Significant contribution to climate warming from the permafrost carbon feedback

Journal name:
Nature Geoscience
Volume:
5,
Pages:
719–721
Year published:
DOI:
doi:10.1038/ngeo1573
Received
Accepted
Published online

Permafrost soils contain an estimated 1,700Pg of carbon, almost twice the present atmospheric carbon pool1. As permafrost soils thaw owing to climate warming, respiration of organic matter within these soils will transfer carbon to the atmosphere, potentially leading to a positive feedback2. Models in which the carbon cycle is uncoupled from the atmosphere, together with one-dimensional models, suggest that permafrost soils could release 7–138Pg carbon by 2100 (refs 3, 4). Here, we use a coupled global climate model to quantify the magnitude of the warming generated by the feedback between permafrost carbon release and climate. According to our simulations, permafrost soils will release between 68 and 508Pg carbon by 2100. We show that the additional surface warming generated by the feedback between permafrost carbon and climate is independent of the pathway of anthropogenic emissions followed in the twenty-first century. We estimate that this feedback could result in an additional warming of 0.13–1.69°C by 2300. We further show that the upper bound for the strength of the feedback is reached under the less intensive emissions pathways. We suggest that permafrost carbon release could lead to significant warming, even under less intensive emissions trajectories.

At a glance

Figures

  1. Global average surface air temperature anomaly with respect to baseline runs with no carbon sequestered in permafrost soil layers.
    Figure 1: Global average surface air temperature anomaly with respect to baseline runs with no carbon sequestered in permafrost soil layers.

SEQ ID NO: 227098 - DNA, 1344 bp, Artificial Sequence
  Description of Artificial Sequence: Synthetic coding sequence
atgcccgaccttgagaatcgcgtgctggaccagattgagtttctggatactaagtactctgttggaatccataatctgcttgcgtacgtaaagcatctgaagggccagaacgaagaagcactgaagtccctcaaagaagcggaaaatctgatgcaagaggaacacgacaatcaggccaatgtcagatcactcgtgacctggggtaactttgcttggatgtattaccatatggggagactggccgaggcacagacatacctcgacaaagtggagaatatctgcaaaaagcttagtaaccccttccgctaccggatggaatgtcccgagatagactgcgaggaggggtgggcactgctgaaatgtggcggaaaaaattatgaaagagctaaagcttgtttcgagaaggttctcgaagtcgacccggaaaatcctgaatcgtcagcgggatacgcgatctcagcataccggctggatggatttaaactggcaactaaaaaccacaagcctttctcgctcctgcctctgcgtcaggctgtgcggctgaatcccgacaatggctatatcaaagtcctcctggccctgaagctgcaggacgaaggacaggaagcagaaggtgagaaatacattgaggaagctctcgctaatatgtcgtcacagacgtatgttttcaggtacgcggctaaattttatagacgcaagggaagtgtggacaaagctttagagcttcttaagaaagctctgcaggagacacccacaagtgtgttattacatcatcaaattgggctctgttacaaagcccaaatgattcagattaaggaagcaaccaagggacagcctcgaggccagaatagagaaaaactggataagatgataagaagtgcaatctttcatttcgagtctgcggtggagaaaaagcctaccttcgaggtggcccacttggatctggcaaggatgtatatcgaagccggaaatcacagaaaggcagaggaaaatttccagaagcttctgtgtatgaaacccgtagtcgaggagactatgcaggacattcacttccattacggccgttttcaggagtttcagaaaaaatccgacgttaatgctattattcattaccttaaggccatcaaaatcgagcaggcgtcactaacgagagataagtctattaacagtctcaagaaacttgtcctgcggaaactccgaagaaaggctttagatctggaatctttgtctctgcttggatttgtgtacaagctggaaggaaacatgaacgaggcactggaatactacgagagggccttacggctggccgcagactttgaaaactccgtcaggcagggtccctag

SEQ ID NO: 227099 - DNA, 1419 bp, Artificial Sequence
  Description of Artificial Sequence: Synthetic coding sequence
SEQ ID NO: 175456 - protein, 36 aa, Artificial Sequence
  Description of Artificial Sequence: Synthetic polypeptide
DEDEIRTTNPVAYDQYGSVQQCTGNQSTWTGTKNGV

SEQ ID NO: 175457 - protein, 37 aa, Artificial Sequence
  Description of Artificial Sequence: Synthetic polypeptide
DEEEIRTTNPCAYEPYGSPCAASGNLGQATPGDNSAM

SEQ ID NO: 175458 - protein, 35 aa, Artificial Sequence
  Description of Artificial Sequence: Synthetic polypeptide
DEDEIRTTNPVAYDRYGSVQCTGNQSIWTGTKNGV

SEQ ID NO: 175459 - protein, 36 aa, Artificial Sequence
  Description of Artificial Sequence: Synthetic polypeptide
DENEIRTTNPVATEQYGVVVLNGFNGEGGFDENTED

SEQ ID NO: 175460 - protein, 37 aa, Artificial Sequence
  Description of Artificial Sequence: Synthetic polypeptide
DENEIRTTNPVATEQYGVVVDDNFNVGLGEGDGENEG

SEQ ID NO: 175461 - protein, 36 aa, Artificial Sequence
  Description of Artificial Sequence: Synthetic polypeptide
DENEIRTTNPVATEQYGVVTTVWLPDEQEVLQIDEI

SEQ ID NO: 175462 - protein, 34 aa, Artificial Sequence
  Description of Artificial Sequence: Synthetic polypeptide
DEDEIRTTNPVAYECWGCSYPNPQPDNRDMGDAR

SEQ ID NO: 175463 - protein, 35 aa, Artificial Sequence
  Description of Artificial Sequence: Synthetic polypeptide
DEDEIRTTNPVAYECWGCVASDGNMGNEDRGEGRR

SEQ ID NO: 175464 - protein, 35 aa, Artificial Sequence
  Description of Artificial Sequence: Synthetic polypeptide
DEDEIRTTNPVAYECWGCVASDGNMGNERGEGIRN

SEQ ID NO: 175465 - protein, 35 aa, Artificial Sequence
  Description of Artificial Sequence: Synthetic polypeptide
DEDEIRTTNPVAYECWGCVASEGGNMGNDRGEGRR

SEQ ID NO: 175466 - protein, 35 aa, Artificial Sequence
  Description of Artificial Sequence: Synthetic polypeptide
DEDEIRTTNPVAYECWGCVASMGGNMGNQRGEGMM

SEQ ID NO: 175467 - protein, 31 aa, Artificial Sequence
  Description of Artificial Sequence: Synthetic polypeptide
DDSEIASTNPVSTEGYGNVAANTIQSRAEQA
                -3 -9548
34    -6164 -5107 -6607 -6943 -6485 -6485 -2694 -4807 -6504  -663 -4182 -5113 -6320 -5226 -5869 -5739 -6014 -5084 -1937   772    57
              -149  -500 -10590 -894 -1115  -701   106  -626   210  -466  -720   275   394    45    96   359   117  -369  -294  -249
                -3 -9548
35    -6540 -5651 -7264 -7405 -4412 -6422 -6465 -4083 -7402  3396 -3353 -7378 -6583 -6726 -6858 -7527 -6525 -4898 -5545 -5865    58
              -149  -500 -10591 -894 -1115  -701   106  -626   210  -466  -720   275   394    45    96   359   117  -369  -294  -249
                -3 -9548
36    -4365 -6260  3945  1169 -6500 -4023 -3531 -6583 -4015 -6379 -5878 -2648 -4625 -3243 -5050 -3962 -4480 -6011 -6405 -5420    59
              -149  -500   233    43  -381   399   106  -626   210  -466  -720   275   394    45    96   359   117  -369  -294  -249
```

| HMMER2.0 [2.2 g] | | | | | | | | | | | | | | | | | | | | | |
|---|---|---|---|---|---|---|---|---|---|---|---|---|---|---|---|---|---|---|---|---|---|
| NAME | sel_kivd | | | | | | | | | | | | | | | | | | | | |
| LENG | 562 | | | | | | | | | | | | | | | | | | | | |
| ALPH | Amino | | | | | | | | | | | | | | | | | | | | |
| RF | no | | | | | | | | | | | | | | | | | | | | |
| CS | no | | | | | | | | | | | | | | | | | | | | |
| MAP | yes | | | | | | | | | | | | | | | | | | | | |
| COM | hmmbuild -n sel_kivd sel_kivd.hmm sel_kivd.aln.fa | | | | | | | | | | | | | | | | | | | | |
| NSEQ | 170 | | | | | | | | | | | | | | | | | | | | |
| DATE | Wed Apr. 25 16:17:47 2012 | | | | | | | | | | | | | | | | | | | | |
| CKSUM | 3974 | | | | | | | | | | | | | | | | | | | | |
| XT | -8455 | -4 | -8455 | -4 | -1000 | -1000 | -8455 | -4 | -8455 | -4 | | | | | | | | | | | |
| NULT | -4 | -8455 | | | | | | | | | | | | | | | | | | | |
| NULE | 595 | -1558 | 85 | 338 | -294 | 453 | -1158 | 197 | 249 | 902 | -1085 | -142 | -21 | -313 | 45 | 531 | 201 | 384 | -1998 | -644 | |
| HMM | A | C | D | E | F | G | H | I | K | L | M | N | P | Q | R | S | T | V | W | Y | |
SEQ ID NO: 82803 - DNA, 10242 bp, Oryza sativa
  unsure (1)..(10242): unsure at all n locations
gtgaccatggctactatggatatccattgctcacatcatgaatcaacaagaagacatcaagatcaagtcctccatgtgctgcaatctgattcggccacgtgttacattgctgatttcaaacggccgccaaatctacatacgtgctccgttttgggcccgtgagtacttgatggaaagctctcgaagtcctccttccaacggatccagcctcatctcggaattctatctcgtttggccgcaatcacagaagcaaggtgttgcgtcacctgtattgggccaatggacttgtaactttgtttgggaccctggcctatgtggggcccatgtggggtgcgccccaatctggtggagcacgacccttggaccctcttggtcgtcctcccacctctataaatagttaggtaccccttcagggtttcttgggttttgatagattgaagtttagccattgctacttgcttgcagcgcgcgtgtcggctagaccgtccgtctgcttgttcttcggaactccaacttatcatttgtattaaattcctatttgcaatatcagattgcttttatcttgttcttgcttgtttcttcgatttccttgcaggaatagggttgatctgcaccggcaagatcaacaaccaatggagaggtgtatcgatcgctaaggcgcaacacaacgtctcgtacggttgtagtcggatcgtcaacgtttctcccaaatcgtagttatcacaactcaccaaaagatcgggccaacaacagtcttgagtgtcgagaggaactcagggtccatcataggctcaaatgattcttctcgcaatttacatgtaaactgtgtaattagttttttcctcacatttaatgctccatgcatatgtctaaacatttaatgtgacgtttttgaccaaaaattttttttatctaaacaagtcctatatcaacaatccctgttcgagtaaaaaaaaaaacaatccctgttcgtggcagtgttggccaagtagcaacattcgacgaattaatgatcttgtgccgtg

Coloured areas are the likely surface air temperature (SAT) anomaly ranges for each DEP. The median for each DEP is superimposed as a black line. Note that the upper bounds for the two low-emission pathways (DEP 2.6 and 4.5) have the greatest surface air temperature anomaly (but not the greatest total warming).

  2. Changes in the size of each Earth system carbon pool in response to the addition of permafrost carbon to the UVic ESCM.
    Figure 2: Changes in the size of each Earth system carbon pool in response to the addition of permafrost carbon to the UVic ESCM.

    That is, the difference in the size of each carbon pool between simulations with and without permafrost carbon. All values are relative to the initial size of the frozen permafrost carbon pool (and a summation of all of the pools adds up to 100% for each year). Results are given for two emissions pathways (DEPs 4.5 and 8.5) and for three climate sensitivities to a doubling of CO2 (2.0, 3.0, and 4.5°C). Soil layers that thaw but are subsequently returned to a permafrost state continue to be administered by the active soil carbon pool, leading to the apparent high rate of transfer of carbon to the active soil carbon pool in the twentieth century.

  3. Evolution of atmospheric CO2 concentration in response to a cessation of anthropogenic CO2 and sulphate emissions in the year 2013.
    Figure 3: Evolution of atmospheric CO2 concentration in response to a cessation of anthropogenic CO2 and sulphate emissions in the year 2013.